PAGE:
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As a special thank you for those donors who give $250 or more, ACSO and Santa Rosa Symphony Board Member Alan Mason will host a special gathering at River Myst Haven. This organic vineyard and farm is situated on 25 acres in the heart of Sonoma County, nestled in the beautiful Russian River Valley just outside of Healdsburg.
If you're interested in attending this event while also supporting ACSO, you can make your contribution here. Please note that the $70 membership fee is included and any previous contributions in 2013-14 will count toward the $250 minimum.
Free 30-minute consultations. Sign up in the Resource Room (Vineyard).
Balance your day with a short yoga class (the physical, mental, and spiritual practice or discipline which originated in ancient India with a view to attain a state of permanent peace of mind in order to experience one's true self). Class held on-site at the hotel.
Meet challenges head on; seize opportunity; eliminate risk! Your first Conference task is preparing yourself to make the most of this experience. Appropriately, our orientation session will provide all the tools necessary to customize these three days of learning and sharing into an enriching journey of discovery, inspiration, and encouragement.
Kelly Ruggirello, executive director, Long Beach Symphony; president, ACSO
Maintain equilibrium, stay poised, and keep steady on the path to achieving your personal and organizational goals. Our Conference focus is all about bringing balance into all aspects of our lives. Feel yourself teetering? You are not alone. Sometimes the best business/life lessons come from colleagues who are navigating the same waters. Our Peer Forums are designed to help us help each other and ourselves.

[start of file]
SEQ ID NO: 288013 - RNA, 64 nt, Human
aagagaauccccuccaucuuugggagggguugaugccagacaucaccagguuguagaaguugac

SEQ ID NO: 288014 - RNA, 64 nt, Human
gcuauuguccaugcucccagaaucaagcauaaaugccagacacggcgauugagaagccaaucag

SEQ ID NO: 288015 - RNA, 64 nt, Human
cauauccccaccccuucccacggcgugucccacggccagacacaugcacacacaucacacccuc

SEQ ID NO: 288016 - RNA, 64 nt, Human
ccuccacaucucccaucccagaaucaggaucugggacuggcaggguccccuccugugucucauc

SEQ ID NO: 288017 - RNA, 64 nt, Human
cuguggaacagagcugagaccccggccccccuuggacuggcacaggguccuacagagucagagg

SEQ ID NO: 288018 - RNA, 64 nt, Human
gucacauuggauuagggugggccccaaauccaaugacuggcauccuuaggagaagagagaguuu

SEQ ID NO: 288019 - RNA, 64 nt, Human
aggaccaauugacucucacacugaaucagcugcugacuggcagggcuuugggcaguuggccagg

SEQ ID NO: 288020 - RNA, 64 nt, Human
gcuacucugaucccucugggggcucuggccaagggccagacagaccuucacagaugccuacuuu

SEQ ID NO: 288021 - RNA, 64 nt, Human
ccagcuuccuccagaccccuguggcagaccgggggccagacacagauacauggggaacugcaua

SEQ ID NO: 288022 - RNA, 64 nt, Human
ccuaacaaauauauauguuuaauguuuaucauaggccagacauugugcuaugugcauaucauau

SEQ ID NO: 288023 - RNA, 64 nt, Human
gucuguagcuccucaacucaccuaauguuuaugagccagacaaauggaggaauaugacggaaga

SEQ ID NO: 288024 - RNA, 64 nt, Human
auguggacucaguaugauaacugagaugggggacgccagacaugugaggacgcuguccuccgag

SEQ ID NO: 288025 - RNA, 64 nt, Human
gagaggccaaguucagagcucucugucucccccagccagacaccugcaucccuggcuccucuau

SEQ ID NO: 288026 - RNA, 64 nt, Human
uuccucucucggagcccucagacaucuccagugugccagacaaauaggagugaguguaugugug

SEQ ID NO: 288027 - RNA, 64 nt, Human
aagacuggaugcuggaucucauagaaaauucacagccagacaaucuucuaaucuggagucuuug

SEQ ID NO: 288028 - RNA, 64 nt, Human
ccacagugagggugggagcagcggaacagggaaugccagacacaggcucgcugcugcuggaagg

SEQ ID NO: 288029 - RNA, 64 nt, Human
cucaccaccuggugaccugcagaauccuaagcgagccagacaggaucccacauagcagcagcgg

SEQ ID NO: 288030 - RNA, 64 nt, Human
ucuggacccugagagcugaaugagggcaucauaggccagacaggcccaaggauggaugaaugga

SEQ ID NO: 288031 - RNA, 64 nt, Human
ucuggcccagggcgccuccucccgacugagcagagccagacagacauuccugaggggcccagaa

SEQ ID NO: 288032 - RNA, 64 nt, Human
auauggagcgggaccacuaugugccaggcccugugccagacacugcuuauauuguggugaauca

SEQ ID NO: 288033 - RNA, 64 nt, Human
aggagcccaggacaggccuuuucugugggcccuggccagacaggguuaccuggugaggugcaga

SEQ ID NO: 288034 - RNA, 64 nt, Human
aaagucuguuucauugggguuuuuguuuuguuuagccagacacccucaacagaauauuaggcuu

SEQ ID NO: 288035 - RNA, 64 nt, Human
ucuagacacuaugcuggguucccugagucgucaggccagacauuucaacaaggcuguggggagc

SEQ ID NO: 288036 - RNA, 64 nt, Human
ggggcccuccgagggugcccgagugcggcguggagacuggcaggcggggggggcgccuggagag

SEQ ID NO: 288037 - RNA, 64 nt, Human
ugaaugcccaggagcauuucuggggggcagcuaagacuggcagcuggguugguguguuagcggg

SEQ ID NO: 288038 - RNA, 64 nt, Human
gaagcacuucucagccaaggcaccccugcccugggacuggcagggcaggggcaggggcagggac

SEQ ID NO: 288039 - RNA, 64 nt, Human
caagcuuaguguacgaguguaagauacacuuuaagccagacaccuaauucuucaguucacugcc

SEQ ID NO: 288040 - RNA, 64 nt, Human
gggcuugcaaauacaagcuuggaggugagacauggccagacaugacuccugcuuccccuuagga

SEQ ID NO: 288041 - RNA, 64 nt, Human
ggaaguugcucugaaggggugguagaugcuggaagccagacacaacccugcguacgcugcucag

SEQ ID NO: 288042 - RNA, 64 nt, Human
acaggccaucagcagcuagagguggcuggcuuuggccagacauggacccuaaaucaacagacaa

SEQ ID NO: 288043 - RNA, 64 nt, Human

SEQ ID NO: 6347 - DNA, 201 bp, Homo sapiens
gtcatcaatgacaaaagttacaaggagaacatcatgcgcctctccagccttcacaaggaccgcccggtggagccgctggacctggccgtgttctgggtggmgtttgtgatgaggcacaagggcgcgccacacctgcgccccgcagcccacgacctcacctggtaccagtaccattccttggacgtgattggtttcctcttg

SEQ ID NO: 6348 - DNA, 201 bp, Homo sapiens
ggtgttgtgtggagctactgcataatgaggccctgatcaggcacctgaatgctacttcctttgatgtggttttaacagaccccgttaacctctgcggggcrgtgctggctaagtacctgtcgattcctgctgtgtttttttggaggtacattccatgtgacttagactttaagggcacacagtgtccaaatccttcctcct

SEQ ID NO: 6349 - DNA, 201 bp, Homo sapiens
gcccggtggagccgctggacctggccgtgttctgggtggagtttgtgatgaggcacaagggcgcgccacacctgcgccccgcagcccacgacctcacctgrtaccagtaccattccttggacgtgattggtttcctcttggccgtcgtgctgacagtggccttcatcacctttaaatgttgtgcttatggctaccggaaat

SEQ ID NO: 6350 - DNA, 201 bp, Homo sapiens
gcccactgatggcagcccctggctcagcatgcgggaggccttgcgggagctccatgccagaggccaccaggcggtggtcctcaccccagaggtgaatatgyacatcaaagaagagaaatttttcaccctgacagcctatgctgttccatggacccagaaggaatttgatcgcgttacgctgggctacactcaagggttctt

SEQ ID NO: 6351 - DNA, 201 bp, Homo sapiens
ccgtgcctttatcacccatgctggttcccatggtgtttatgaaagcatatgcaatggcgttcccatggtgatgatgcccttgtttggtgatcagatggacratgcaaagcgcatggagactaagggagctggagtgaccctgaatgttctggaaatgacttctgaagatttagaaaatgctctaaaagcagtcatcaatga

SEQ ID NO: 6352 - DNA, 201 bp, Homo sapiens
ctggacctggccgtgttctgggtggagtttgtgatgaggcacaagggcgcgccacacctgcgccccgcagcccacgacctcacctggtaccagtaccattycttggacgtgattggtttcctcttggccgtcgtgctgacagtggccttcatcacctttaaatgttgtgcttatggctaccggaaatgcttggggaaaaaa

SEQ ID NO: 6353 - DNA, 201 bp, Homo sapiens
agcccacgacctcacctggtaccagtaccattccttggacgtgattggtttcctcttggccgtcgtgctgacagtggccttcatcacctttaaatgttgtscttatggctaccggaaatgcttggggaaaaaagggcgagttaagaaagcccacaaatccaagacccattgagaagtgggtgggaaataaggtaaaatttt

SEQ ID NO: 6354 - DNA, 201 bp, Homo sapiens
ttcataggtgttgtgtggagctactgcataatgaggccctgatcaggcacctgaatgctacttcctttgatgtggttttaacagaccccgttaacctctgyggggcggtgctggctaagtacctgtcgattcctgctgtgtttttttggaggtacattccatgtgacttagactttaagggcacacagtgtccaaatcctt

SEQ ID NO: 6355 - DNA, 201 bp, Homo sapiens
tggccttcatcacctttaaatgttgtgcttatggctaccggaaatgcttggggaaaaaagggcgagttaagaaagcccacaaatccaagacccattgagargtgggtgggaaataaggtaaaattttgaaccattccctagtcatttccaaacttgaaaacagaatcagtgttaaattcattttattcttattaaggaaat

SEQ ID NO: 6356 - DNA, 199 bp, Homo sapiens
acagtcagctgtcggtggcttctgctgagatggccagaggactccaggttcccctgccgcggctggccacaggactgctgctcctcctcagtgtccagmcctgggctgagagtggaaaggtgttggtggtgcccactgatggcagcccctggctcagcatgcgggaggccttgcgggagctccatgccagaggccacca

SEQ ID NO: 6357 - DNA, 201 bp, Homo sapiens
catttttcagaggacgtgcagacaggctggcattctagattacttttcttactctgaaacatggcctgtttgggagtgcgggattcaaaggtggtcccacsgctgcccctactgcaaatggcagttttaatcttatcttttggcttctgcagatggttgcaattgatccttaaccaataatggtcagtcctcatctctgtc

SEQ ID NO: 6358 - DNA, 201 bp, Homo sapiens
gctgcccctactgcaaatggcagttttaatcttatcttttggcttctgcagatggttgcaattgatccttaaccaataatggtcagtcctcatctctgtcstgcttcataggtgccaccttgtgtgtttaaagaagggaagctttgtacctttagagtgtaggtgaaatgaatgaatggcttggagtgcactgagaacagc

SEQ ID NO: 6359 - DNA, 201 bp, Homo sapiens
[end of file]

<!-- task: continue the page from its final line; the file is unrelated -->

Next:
There are lessons to be learned from our libations. The fruit of the vine yields its finest vintages when the winemaker achieves the perfect balance of alcohol, acid, tannin, and fruit to create a pleasing taste. There are lessons to be learned from academic study and research. Understanding our actions/choices/motivations helps us gain clarity, stay focused, and address potentially harmful issues and situations. Our opening presenters – consummate professionals in two seemingly unrelated fields – set the tone for ACSO’s 46th Annual Conference with their true-to-life tales that underscore the leading role balance plays in a successful life and career.
Robert Rex, winemaker, Deerfield Ranch Winery
Join the master and author of The Art of the Turnaround for a candid discussion about the need for arts organizations and arts leaders to be mindful about reinventing themselves for growth, market share, and life-work balance. Michael Kaiser – cultural arts leader, teacher, author, and now human capital manager – shares how he has reinvented his professional and personal life throughout his career to successfully transform organizations from surviving to thriving. This balanced, holistic approach to life is not to be missed!